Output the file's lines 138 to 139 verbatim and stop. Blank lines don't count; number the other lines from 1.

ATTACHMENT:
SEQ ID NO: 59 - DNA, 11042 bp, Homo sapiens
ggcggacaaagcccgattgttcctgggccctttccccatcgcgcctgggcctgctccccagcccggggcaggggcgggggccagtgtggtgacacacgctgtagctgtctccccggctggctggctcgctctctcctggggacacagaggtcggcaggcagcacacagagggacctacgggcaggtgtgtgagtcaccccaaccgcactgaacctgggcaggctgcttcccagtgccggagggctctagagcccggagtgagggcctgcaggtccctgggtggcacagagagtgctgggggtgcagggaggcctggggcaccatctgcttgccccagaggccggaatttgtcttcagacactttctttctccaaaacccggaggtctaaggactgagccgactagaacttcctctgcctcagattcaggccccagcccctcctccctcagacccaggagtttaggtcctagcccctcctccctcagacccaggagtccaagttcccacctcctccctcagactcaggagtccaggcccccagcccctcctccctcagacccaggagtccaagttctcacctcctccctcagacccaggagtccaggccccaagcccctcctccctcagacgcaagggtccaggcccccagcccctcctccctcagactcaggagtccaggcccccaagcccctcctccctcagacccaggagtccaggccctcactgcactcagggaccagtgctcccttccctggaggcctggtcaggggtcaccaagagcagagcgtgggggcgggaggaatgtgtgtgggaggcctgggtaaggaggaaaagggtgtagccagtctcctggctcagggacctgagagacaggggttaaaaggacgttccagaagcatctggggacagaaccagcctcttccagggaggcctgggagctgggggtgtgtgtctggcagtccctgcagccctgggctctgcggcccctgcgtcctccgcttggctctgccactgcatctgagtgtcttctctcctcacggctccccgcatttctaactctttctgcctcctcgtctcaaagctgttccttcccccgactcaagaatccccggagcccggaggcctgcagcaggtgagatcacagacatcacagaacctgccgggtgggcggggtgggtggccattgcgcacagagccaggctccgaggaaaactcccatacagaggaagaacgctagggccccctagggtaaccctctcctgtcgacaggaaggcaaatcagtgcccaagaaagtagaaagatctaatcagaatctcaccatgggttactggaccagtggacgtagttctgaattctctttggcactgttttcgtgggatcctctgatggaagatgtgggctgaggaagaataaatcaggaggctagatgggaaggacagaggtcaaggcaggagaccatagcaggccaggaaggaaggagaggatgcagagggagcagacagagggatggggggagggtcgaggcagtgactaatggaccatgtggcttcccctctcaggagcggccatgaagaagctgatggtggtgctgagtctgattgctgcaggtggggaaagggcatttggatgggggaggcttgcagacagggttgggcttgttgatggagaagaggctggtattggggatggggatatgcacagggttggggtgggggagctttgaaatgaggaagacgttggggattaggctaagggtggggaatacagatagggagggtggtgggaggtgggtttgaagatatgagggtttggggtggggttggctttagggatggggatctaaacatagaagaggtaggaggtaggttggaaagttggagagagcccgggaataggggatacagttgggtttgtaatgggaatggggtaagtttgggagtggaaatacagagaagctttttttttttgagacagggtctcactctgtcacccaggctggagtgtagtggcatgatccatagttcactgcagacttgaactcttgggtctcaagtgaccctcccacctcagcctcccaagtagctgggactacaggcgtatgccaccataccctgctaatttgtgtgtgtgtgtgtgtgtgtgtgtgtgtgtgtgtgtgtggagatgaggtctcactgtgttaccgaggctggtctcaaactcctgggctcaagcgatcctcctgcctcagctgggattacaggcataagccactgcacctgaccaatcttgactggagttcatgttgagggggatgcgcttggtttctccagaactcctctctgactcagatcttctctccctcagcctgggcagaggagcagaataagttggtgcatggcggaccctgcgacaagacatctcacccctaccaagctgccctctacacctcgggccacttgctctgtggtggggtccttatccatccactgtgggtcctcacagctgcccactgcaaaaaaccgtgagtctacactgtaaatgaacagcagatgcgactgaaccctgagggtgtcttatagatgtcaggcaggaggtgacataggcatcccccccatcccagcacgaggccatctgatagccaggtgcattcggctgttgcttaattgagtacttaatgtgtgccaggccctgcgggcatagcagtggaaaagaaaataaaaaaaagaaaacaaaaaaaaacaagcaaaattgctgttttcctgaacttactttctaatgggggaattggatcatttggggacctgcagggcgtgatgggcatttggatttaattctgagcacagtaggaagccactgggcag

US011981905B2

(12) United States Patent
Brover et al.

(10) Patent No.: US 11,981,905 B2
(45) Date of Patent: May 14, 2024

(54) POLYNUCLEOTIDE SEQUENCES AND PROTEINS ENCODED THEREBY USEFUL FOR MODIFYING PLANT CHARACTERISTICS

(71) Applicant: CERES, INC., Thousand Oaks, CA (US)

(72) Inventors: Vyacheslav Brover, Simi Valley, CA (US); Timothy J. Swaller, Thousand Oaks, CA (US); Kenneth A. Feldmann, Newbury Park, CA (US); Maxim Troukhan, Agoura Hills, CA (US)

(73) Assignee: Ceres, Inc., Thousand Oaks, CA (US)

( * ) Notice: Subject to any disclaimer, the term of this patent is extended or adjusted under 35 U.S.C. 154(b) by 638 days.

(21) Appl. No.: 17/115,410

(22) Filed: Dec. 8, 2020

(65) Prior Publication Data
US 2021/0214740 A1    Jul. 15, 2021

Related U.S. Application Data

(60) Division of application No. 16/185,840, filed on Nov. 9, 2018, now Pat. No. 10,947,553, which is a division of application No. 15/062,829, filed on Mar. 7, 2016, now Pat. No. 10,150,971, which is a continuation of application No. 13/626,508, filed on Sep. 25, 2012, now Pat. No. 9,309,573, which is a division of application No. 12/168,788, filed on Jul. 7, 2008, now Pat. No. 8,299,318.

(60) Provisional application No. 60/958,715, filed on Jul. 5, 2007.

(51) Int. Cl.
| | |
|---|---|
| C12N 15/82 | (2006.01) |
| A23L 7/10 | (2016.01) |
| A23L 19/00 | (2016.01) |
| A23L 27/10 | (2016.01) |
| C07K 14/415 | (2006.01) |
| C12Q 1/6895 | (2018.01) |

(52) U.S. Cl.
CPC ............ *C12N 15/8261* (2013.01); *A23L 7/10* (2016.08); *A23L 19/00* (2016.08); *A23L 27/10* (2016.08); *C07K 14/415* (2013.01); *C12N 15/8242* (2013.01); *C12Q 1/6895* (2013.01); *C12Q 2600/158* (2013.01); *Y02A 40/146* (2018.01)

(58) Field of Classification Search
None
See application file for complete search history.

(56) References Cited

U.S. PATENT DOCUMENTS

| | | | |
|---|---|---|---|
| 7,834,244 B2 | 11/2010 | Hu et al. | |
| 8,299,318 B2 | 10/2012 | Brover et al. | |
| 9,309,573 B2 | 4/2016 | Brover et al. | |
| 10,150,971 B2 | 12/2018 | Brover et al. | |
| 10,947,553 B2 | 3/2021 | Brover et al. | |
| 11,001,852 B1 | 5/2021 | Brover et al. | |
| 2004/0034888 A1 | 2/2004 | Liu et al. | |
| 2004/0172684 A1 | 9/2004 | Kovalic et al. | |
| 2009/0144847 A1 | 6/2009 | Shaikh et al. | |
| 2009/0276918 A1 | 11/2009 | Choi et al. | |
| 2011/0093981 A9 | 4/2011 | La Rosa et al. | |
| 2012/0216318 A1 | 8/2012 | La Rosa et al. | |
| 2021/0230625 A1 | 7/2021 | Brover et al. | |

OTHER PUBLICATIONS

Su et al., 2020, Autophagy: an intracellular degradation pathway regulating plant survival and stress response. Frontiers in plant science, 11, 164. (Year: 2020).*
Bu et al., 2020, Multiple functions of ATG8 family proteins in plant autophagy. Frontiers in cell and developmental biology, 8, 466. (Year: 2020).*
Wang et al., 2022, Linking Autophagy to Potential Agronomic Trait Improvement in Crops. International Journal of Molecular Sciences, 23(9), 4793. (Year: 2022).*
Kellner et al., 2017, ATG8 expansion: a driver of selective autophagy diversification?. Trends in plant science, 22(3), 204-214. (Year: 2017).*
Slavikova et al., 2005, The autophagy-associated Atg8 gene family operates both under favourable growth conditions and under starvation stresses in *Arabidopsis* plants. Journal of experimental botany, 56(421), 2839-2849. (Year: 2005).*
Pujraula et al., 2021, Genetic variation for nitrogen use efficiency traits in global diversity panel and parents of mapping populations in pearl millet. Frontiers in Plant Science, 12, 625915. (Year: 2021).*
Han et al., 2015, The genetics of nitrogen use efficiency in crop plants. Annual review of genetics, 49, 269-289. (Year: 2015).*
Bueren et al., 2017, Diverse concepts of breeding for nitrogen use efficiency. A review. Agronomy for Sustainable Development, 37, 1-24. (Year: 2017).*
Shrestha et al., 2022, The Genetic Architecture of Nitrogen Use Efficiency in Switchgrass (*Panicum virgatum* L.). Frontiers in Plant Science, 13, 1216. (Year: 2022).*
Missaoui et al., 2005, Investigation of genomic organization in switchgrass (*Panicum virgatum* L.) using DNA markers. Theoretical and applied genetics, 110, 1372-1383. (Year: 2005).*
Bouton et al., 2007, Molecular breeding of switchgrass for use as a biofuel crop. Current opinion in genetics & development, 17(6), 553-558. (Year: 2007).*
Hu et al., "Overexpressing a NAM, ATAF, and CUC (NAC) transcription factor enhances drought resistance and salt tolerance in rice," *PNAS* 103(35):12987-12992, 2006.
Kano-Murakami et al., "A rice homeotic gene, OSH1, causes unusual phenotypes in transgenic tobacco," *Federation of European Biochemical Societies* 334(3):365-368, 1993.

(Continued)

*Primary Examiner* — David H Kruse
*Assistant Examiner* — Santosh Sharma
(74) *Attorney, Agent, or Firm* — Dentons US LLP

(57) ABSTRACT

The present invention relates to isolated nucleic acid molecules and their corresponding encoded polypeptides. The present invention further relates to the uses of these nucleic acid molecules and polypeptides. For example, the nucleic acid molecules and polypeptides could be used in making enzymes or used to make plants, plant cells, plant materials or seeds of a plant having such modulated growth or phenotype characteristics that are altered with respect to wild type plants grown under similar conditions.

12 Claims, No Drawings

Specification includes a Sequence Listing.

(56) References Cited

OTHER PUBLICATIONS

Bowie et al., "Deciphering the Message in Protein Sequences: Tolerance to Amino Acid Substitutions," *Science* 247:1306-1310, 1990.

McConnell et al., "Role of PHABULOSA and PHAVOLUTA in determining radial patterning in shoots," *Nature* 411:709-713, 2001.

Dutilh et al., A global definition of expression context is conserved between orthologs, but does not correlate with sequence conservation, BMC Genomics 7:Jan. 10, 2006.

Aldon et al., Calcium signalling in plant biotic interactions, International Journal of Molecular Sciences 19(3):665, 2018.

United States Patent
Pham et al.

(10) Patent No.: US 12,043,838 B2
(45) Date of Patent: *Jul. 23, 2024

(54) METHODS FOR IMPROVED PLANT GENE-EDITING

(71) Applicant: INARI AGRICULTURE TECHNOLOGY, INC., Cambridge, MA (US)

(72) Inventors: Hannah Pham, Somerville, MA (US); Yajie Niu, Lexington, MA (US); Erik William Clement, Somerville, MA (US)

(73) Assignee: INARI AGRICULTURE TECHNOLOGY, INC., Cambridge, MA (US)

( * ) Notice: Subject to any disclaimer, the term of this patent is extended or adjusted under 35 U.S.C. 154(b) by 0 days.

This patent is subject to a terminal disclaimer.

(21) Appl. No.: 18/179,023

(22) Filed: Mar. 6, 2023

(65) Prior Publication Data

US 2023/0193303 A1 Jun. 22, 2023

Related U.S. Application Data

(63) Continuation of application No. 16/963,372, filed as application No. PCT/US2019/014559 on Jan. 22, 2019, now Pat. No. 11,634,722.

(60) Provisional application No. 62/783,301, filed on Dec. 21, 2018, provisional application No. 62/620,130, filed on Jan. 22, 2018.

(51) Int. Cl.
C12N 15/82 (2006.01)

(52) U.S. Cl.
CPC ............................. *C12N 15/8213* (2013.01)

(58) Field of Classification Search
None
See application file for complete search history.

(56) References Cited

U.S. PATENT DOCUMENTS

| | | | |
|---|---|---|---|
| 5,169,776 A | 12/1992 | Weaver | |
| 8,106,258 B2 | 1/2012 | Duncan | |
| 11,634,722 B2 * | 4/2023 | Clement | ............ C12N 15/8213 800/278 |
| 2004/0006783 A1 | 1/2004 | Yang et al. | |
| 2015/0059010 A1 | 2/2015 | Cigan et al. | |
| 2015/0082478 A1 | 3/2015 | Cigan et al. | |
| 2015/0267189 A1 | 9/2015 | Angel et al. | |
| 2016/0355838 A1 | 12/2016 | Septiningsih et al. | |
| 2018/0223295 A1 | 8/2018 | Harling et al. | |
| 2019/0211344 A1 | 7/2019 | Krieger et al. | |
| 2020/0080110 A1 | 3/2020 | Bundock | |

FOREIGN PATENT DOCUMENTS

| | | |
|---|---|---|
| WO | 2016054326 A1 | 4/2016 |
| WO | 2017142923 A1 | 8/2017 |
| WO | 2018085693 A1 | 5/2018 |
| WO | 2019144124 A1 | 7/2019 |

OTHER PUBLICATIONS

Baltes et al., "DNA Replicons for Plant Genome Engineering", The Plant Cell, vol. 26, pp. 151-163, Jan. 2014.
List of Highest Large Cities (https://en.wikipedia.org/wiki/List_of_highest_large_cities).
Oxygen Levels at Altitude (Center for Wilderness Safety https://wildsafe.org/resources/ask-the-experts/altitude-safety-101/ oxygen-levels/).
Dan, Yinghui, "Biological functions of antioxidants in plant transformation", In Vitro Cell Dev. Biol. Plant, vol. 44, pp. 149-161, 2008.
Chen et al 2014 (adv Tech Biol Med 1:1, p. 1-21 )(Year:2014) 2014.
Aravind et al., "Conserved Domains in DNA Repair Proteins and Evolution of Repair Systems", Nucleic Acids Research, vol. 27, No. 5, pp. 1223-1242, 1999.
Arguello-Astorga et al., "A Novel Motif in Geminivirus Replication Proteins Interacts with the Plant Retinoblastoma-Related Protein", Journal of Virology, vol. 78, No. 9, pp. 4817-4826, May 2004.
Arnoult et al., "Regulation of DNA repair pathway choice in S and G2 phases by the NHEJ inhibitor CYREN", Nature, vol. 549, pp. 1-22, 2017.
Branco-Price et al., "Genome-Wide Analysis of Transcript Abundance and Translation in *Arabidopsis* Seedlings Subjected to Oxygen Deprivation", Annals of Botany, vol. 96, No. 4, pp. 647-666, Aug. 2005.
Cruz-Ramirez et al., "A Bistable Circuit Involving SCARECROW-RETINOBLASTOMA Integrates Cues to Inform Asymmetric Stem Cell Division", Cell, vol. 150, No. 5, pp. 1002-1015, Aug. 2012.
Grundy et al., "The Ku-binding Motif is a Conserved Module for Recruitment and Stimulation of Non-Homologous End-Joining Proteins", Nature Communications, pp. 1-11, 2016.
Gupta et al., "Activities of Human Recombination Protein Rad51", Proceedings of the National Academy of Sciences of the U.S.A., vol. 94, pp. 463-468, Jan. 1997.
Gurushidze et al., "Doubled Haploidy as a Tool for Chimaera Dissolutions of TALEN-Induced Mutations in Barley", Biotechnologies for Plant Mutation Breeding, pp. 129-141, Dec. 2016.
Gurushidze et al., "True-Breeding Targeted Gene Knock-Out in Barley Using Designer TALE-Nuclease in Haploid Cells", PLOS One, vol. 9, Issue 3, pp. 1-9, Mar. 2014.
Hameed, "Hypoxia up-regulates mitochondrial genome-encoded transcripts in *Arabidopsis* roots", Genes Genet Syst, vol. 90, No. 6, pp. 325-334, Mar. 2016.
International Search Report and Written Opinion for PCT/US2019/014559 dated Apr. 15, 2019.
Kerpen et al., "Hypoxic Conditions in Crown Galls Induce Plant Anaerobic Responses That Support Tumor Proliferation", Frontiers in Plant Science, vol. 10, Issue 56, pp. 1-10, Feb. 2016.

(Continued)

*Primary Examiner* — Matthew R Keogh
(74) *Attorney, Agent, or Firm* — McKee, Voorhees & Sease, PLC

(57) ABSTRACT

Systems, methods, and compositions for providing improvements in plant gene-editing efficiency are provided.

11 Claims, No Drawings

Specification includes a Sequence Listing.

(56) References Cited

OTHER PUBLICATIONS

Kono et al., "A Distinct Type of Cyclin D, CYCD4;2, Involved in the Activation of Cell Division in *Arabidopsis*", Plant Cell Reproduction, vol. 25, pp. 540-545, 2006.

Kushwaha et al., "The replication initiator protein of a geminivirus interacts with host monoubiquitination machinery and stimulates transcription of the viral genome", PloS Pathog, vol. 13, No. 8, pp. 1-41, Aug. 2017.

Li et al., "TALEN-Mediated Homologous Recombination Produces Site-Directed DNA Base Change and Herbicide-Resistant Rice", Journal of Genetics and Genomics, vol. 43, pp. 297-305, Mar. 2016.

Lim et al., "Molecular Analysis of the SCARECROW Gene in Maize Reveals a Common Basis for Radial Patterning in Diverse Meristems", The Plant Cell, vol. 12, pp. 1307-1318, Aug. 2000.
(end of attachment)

Gurushidze et al., "Doubled Haploidy as a Tool for Chimaera Dissolutions of TALEN-Induced Mutations in Barley", Biotechnologies for Plant Mutation Breeding, pp. 129-141, Dec. 2016.
Gurushidze et al., "True-Breeding Targeted Gene Knock-Out in Barley Using Designer TALE-Nuclease in Haploid Cells", PLOS One, vol. 9, Issue 3, pp. 1-9, Mar. 2014.